- An industrial association, or an officer or member of an industrial association, must not:
- demand; or
- purport to demand; or
- do anything that would:
- have the effect of demanding; or
- purport to have the effect of demanding;
payment of a bargaining services fee.
A bargaining services fee is a fee (however described) payable:
to an industrial association; or
- to someone in lieu of an industrial association;
wholly or partly for the provision, or purported provision, of bargaining services, but does not include membership fees.
Bargaining services are services provided by, or on behalf of, an industrial association in relation to an enterprise agreement, or a proposed enterprise agreement (including in relation to bargaining for, or the making, approval, operation, variation or termination of, the enterprise agreement, or proposed enterprise agreement).
Exception for fees payable under contract
Subsection (1) does not apply if the fee is payable to the industrial association under a contract for the provision of bargaining services.
What is the protection?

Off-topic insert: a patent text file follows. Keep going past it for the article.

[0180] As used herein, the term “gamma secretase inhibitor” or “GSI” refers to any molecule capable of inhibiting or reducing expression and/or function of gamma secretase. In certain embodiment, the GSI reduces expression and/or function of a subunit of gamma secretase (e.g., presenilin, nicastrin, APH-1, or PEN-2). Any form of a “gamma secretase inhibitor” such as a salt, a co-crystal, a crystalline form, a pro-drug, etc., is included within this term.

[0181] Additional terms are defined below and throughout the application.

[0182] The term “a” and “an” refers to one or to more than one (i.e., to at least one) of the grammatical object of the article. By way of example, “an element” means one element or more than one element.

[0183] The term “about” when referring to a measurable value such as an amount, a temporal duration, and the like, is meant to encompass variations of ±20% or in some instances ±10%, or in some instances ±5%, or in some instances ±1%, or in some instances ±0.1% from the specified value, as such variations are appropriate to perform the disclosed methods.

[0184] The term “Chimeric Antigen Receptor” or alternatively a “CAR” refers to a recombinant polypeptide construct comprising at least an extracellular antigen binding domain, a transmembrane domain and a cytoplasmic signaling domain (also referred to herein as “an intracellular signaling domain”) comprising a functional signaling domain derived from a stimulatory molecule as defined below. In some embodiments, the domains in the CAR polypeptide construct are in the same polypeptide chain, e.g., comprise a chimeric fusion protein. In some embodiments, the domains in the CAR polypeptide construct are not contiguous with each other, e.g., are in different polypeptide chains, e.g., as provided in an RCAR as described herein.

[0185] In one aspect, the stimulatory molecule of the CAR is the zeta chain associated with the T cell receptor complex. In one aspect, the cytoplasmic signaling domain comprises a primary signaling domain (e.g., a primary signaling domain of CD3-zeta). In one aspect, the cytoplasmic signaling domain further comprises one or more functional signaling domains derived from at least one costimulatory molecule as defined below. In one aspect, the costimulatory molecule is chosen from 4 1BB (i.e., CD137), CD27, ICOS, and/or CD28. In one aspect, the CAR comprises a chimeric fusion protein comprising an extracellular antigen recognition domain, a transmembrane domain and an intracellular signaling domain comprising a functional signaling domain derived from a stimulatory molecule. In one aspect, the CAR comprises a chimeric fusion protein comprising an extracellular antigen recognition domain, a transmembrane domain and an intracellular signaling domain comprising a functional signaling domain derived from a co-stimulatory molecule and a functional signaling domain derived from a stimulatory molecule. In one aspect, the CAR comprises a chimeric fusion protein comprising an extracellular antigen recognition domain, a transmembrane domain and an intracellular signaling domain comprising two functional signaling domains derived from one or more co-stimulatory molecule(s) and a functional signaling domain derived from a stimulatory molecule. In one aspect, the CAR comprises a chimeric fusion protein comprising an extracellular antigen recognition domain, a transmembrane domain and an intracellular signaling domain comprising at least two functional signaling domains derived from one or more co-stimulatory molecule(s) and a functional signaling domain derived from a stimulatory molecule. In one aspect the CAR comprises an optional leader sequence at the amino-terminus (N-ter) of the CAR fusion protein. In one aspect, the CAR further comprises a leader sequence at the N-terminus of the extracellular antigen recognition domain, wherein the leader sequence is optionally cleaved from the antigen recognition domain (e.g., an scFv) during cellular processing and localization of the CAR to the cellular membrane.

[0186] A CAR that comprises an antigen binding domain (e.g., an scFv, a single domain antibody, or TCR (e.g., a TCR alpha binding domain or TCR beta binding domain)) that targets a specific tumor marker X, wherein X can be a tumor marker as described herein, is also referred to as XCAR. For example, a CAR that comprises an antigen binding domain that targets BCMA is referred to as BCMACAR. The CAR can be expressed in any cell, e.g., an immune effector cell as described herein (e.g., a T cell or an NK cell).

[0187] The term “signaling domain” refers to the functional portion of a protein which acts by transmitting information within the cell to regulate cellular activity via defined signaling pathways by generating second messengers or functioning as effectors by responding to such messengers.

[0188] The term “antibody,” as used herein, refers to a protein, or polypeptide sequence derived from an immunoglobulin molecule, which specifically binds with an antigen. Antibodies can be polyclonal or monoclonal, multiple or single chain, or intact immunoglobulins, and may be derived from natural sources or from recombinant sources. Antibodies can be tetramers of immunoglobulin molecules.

An industrial association (such as a union) cannot charge non-members for bargaining services in relation to a proposed enterprise agreement which will also cover the non-members.
Are there exceptions?
Non-members can enter into a contract with an industrial association for bargaining services.
What are bargaining services fees?
A bargaining services fee is a charge made for the negotiation of an enterprise agreement. They are similar to fees charged by professionals such as solicitors.
An industrial association may not demand a bargaining services fee or include a requirement to pay such a fee in an enterprise agreement, even if employees who are not union members will benefit from their services in negotiating the agreement.
However, a person can freely enter into a contract or commercial arrangement with an industrial association for the provision of bargaining services.